MPs forced to reveal property in private super funds under new rules

Finance Minister Bill English, who was at the centre of a furore in 2009 over an accommodation allowance
Hagen Hopkins/ Getty

Finance Minister Bill English, who was at the centre of a furore in 2009 over an accommodation allowance

MPs will be forced to reveal property held in their private superannuation funds as well as their links to trusts under new disclosure rules that come into force this year.

The register of MPs' pecuniary interests, due to be published before the end of May, also sets a lower threshold for gifts, which must be declared if their value adds up to more than $500 from a single donor.

Under the previous rules only single gifts worth more than $500 had to be declared.

The new regime should reveal repeat offers of hospitality, such as corporate boxes or regular meals, as well as frequent smaller gifts.

The rules were revamped last year after a series of controversies about the disclosure of gifts and politicians' perks and other interests.

They included a furore in 2009 over Bill English claiming a ministerial accommodation allowance for a family home held in trust.

Under the new rules MPs must reveal if they are trustees, beneficiaries or both of any trust in which they have an interest. Previously they only had to name the trust..

They must also declare any property held in a superannuation scheme that is created for their benefit and is not open to the general public.

An analysis of last year's register showed two-thirds of MPs declared a trust of some sort.

In all, 68 MPs had an interest in more than one property. Thirty eight of them were from National, 16 from Labour, five from the Greens and nine from other parties.

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As under the previous regime MPs will still have to declare their other employment, business interests, loans, directorships and the names of any shares directly held, though not their value.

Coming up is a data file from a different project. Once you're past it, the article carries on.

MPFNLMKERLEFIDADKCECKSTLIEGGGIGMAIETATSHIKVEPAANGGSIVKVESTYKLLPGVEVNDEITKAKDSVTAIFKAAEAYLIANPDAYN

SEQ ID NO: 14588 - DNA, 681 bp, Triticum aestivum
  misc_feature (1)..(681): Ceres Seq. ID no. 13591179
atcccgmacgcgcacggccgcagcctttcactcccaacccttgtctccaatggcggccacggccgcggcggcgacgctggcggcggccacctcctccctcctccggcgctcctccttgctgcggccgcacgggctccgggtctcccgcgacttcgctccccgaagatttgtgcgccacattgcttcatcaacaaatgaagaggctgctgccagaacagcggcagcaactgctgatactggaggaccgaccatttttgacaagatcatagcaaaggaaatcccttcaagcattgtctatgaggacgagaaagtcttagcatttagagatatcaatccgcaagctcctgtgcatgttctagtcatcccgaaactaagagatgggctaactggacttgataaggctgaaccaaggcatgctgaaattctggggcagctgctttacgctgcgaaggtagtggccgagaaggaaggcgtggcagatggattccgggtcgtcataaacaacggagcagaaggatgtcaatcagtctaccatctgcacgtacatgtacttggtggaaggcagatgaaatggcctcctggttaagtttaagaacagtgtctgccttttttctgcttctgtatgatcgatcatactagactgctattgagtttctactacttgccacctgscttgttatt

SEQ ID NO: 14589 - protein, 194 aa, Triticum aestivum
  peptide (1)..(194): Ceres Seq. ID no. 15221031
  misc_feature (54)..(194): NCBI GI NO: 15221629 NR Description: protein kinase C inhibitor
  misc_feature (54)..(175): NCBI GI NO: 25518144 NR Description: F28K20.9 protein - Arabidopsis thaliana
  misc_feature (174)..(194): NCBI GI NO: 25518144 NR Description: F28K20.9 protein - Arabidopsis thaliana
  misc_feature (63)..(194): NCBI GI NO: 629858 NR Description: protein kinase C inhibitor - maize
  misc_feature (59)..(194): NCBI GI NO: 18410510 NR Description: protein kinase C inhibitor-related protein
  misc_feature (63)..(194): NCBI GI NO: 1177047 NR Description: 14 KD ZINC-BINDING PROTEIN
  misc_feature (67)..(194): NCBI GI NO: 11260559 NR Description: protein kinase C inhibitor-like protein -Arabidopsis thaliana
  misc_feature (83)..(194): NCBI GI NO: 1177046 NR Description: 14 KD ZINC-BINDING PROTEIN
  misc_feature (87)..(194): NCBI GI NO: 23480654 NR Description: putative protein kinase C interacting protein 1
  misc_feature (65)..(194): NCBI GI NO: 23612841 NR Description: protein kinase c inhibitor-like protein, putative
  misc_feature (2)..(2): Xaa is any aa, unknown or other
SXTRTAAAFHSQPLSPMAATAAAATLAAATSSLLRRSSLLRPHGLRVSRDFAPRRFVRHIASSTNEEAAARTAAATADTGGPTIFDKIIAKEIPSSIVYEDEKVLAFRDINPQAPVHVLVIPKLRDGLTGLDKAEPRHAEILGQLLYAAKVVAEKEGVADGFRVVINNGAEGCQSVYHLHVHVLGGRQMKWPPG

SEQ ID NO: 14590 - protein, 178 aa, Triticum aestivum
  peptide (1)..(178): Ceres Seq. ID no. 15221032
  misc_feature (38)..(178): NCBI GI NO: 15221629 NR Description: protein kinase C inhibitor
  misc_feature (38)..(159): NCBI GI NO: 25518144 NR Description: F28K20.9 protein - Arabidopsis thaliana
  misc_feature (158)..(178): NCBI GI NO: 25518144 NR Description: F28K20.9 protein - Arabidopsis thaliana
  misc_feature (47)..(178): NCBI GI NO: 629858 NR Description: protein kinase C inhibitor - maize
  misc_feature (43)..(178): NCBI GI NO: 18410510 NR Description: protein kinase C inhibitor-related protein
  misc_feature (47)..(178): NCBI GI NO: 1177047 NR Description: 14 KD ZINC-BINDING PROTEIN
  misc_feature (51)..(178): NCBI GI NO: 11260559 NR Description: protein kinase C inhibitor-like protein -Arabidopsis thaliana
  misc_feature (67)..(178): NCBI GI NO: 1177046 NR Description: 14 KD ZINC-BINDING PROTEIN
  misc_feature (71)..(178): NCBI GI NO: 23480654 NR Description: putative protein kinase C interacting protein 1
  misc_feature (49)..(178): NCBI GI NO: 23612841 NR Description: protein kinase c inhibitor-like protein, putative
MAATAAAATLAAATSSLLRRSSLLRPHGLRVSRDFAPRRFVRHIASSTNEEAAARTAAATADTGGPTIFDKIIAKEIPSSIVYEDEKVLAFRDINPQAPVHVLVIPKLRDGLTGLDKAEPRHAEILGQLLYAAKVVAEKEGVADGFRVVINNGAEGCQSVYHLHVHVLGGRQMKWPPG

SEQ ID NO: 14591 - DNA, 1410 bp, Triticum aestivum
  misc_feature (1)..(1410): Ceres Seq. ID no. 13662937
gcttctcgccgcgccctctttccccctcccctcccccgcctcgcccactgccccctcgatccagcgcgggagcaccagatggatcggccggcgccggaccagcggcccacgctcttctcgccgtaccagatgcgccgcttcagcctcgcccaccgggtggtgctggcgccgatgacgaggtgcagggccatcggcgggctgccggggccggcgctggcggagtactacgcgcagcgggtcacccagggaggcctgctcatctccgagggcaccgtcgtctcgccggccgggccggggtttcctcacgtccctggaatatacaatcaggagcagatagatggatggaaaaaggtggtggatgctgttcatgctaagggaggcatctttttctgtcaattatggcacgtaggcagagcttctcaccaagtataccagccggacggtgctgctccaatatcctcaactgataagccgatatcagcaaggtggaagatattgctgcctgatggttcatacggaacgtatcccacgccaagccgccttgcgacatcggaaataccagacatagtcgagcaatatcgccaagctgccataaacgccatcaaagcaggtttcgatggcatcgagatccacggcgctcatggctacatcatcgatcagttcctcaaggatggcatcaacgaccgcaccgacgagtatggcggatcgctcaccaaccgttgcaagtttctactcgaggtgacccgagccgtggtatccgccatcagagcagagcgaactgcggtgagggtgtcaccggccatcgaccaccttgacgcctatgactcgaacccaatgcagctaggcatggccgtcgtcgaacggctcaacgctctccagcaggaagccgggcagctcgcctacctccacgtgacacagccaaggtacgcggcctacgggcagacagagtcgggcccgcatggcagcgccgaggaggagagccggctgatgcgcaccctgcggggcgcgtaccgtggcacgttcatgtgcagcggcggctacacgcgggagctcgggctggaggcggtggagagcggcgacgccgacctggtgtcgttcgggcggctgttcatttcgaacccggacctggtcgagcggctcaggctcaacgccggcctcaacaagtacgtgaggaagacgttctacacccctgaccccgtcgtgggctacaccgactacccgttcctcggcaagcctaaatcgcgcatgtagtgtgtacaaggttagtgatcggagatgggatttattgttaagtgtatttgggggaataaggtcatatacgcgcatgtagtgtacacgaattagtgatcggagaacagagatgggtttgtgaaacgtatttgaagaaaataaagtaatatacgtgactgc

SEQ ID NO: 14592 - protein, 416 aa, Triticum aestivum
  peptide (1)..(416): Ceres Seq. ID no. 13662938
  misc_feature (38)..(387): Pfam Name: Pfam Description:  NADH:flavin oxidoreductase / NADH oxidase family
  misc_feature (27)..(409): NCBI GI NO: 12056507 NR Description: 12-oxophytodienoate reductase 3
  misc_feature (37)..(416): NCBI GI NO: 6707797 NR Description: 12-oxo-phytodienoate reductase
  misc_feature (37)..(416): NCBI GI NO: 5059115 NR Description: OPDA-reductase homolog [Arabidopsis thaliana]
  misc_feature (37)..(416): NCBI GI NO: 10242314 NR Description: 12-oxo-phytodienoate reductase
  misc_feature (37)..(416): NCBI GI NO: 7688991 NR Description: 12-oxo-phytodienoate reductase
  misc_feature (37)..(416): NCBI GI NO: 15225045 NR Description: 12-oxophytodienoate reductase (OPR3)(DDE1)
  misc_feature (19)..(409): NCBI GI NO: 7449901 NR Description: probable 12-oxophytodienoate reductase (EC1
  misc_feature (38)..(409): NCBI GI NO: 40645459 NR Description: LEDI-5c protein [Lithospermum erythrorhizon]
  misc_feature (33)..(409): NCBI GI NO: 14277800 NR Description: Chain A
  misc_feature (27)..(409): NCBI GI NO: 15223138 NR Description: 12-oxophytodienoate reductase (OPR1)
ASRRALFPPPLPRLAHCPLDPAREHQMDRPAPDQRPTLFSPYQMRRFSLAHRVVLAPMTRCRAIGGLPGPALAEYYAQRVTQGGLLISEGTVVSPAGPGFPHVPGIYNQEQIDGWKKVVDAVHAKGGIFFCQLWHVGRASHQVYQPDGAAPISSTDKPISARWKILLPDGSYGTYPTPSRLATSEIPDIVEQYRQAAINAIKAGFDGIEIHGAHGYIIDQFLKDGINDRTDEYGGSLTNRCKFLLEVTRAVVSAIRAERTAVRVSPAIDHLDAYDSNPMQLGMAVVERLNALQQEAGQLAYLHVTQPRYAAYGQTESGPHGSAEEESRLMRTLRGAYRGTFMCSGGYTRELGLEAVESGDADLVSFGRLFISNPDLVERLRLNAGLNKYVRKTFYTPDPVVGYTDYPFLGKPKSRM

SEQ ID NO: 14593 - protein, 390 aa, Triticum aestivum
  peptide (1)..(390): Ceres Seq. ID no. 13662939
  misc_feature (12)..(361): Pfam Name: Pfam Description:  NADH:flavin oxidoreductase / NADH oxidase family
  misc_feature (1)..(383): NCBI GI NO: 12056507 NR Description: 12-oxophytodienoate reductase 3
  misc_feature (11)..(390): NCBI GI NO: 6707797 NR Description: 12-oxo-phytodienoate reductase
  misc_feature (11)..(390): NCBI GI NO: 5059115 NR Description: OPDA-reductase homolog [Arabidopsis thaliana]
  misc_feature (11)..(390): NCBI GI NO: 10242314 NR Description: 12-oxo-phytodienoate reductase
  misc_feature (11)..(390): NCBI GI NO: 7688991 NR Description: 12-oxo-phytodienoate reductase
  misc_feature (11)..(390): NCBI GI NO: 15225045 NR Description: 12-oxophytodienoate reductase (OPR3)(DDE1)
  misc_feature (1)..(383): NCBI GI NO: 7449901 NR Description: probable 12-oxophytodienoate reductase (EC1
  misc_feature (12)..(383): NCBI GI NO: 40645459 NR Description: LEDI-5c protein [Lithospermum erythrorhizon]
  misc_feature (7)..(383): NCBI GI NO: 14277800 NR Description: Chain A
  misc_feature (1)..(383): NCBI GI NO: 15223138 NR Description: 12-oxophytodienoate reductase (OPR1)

The register this year is also covered by a new "purpose" clause stating the register's role is "to facilitate the transaction of business by the House by promoting the highest standards of behaviour and conduct by members, and thereby strengthening public trust and confidence in parliamentary processes and decision-making".

The registrar, Sir Maarten Wevers, declined to be interviewed ahead of the release of this year's register. But in a covering letter to MPs he said it also provides them with protection against accusations of a possible conflict between their public duties and private interests.

He warned them the register was closely scrutinised by electors and the media. And he pointed to the view of Parliament's Privileges Committee that if there was any doubt about whether an interest should be declared it is better an MP declares it.

"I endorse that view," Wevers said.

His report must be presented by May 29. 

 - Stuff

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